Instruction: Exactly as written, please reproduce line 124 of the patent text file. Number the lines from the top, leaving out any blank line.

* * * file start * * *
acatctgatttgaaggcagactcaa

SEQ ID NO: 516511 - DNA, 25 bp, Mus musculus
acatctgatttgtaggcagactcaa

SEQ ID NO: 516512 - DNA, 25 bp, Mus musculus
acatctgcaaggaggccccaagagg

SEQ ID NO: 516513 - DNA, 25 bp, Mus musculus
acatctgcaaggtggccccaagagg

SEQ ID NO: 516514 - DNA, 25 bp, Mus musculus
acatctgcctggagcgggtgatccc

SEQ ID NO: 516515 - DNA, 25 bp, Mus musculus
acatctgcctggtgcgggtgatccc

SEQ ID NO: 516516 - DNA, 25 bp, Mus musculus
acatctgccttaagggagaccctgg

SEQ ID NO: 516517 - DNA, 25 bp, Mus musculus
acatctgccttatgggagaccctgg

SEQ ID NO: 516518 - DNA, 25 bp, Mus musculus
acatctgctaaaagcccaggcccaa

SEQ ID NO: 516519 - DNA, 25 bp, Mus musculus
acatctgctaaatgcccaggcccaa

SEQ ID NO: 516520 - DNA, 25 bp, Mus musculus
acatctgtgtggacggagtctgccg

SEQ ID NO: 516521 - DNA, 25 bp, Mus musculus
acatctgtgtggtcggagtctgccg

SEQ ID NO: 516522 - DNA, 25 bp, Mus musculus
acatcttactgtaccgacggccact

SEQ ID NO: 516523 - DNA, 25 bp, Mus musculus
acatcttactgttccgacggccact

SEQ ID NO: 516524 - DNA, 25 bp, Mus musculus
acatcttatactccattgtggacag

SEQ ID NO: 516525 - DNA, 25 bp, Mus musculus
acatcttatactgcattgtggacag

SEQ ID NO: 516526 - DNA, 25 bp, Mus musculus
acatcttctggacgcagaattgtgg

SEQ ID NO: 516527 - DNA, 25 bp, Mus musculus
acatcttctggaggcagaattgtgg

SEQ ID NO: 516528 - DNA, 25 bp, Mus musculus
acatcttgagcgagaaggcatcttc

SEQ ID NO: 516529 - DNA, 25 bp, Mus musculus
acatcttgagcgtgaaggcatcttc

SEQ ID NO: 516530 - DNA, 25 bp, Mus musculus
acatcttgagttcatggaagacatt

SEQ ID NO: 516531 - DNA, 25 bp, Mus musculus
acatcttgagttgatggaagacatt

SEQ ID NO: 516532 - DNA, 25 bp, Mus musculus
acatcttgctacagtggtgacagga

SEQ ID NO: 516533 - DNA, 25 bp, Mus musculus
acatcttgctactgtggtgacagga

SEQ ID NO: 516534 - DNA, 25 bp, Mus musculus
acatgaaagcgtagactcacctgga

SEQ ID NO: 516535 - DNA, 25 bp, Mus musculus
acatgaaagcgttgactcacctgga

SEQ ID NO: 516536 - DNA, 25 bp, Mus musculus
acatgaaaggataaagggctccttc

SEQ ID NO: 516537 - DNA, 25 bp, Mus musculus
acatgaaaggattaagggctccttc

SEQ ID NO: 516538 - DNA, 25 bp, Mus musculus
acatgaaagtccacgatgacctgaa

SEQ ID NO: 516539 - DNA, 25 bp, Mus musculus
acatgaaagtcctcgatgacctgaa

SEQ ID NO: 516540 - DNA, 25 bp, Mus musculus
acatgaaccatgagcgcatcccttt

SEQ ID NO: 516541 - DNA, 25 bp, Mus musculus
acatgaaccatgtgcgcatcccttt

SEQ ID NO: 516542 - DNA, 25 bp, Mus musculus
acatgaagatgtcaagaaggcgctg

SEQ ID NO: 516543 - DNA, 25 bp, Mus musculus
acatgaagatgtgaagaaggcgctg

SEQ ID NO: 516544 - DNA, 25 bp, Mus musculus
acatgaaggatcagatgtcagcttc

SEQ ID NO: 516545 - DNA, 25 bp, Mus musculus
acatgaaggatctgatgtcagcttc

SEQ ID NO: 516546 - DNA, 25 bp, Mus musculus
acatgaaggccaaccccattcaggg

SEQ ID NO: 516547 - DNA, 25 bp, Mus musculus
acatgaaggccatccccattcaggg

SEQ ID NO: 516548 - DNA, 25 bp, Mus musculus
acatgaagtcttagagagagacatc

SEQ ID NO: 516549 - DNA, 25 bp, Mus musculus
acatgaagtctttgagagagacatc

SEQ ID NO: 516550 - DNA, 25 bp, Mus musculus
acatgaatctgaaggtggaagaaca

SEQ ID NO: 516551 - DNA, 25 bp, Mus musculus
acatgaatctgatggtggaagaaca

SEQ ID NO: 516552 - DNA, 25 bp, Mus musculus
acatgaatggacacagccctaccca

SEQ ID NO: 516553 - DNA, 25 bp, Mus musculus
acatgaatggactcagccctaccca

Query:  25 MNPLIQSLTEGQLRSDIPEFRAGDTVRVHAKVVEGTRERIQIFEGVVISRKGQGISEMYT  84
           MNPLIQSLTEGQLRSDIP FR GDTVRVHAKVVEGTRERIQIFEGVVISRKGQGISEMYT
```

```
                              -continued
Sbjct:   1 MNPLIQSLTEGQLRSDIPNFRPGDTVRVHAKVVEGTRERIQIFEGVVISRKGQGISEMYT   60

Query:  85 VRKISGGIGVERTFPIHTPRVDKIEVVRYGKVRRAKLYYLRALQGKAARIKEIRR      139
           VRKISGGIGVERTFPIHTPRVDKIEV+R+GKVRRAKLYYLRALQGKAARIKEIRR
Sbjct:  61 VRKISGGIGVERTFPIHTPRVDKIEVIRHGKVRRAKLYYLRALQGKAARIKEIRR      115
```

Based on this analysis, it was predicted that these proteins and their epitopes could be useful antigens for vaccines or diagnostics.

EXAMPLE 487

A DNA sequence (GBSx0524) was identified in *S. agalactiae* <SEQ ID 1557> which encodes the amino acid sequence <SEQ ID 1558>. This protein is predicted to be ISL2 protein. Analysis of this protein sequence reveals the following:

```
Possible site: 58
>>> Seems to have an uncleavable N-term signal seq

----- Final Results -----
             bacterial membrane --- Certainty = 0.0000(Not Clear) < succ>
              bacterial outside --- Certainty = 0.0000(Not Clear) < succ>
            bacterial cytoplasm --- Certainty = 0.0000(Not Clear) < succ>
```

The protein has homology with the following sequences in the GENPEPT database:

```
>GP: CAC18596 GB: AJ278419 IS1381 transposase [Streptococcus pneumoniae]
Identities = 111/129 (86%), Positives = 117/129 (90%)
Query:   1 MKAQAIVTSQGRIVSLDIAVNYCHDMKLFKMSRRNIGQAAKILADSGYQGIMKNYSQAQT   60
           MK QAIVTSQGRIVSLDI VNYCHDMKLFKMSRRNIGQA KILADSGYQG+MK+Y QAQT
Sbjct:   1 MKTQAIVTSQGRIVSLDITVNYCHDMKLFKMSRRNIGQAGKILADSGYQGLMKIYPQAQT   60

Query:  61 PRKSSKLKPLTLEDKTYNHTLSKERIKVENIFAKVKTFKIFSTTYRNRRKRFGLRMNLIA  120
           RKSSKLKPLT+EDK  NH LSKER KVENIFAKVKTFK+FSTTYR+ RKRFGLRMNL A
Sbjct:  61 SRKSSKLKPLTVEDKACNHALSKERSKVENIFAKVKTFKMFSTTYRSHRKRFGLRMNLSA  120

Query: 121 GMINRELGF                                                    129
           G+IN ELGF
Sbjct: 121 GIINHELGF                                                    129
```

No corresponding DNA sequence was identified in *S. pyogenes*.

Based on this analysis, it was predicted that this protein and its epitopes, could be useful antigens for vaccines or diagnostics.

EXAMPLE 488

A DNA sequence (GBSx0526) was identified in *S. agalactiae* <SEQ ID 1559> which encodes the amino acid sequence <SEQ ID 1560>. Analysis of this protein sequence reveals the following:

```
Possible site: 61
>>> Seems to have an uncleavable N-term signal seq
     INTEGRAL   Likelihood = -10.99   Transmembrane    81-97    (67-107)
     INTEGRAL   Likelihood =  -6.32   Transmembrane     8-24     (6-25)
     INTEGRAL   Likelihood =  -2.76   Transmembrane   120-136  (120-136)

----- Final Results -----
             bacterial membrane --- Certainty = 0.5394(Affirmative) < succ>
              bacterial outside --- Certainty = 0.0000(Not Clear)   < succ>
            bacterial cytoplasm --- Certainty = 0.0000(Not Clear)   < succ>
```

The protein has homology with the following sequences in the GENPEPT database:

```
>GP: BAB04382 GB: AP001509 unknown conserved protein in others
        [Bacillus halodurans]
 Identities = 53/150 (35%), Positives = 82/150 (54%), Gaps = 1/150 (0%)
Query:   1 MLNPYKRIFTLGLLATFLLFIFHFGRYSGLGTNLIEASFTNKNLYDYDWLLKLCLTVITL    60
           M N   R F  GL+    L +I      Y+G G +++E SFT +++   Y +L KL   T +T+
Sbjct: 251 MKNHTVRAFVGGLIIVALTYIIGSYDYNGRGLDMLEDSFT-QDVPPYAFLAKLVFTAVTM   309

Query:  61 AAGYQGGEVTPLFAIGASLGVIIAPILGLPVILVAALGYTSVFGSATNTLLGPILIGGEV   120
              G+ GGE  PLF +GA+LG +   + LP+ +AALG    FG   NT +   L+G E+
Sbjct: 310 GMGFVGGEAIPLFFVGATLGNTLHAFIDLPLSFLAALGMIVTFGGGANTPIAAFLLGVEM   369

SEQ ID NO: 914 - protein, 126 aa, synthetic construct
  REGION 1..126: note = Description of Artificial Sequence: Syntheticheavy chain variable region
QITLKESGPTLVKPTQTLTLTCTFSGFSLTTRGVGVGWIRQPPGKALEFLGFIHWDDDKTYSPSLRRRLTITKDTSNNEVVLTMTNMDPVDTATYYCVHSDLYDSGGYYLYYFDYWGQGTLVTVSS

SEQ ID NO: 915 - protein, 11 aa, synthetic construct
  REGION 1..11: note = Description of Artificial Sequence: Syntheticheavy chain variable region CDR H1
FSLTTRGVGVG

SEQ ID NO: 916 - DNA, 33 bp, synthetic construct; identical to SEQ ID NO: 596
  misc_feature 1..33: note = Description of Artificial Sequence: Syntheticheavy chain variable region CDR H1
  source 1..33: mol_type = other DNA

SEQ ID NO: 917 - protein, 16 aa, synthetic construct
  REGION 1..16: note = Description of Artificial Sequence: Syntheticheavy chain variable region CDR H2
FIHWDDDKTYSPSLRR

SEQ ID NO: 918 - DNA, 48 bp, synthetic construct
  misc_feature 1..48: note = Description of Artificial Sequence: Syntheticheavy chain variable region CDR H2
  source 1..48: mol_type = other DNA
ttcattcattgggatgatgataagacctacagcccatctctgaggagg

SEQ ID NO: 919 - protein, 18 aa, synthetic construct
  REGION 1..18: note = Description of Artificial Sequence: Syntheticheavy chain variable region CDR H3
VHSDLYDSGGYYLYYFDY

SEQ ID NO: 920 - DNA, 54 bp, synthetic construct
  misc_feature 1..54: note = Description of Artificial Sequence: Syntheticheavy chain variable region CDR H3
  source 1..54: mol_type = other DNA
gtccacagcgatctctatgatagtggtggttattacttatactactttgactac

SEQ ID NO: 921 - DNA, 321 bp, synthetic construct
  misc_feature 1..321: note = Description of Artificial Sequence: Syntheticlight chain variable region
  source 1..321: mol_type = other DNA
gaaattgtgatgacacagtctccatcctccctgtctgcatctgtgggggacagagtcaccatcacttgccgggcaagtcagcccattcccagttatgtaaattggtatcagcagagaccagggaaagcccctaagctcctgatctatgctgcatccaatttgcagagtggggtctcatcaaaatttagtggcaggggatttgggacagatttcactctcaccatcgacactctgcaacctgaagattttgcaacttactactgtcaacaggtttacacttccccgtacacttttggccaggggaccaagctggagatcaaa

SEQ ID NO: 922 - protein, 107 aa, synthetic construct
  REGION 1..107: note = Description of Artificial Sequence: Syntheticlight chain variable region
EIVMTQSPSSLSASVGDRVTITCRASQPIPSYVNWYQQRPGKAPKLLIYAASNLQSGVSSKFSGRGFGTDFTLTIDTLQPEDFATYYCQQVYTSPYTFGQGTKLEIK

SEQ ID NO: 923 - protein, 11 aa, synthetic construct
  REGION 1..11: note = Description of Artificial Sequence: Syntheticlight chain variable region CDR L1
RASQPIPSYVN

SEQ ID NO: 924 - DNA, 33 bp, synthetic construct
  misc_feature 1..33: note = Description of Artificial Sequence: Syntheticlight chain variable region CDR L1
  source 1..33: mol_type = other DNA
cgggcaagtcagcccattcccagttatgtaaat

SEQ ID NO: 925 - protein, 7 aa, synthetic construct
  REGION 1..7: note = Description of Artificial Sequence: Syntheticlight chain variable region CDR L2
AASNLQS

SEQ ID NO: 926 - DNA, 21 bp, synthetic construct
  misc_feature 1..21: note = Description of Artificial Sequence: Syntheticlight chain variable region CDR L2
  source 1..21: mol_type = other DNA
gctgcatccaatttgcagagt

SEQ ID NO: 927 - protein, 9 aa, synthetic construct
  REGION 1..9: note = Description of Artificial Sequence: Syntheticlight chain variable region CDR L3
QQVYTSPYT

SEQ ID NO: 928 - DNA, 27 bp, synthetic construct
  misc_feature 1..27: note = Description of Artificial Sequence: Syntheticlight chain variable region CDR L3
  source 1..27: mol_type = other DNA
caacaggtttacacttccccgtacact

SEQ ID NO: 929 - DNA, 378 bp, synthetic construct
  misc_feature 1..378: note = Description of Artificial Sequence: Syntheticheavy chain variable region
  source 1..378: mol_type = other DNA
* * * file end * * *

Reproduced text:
Based on this analysis, it was predicted that this protein and its epitopes, could be useful antigens for vaccines or diagnostics.